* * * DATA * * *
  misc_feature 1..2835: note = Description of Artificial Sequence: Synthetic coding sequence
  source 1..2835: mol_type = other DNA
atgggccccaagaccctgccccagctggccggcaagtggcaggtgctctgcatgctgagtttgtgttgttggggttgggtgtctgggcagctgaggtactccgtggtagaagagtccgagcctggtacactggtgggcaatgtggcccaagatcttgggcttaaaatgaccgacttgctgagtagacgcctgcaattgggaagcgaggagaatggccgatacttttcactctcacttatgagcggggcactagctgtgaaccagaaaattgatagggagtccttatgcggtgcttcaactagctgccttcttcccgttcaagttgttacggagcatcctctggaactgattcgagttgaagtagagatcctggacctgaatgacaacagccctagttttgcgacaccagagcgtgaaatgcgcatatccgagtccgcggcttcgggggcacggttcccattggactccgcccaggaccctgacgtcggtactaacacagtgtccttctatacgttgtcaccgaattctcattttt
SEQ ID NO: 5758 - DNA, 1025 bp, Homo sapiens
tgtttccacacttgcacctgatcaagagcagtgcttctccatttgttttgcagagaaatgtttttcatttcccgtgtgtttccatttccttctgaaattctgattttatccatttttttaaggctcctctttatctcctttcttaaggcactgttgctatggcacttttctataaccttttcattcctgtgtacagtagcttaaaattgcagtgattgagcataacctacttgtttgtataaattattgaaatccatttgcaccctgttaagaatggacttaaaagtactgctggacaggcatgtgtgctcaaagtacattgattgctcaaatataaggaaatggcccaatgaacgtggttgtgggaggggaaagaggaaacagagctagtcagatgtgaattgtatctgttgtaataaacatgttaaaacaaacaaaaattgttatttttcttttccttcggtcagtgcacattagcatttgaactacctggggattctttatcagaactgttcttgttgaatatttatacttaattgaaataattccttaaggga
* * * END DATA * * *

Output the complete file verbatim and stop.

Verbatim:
  misc_feature 1..2835: note = Description of Artificial Sequence: Synthetic coding sequence
  source 1..2835: mol_type = other DNA
atgggccccaagaccctgccccagctggccggcaagtggcaggtgctctgcatgctgagtttgtgttgttggggttgggtgtctgggcagctgaggtactccgtggtagaagagtccgagcctggtacactggtgggcaatgtggcccaagatcttgggcttaaaatgaccgacttgctgagtagacgcctgcaattgggaagcgaggagaatggccgatacttttcactctcacttatgagcggggcactagctgtgaaccagaaaattgatagggagtccttatgcggtgcttcaactagctgccttcttcccgttcaagttgttacggagcatcctctggaactgattcgagttgaagtagagatcctggacctgaatgacaacagccctagttttgcgacaccagagcgtgaaatgcgcatatccgagtccgcggcttcgggggcacggttcccattggactccgcccaggaccctgacgtcggtactaacacagtgtccttctatacgttgtcaccgaattctcattttt
SEQ ID NO: 5758 - DNA, 1025 bp, Homo sapiens
tgtttccacacttgcacctgatcaagagcagtgcttctccatttgttttgcagagaaatgtttttcatttcccgtgtgtttccatttccttctgaaattctgattttatccatttttttaaggctcctctttatctcctttcttaaggcactgttgctatggcacttttctataaccttttcattcctgtgtacagtagcttaaaattgcagtgattgagcataacctacttgtttgtataaattattgaaatccatttgcaccctgttaagaatggacttaaaagtactgctggacaggcatgtgtgctcaaagtacattgattgctcaaatataaggaaatggcccaatgaacgtggttgtgggaggggaaagaggaaacagagctagtcagatgtgaattgtatctgttgtaataaacatgttaaaacaaacaaaaattgttatttttcttttccttcggtcagtgcacattagcatttgaactacctggggattctttatcagaactgttcttgttgaatatttatacttaattgaaataattccttaaggga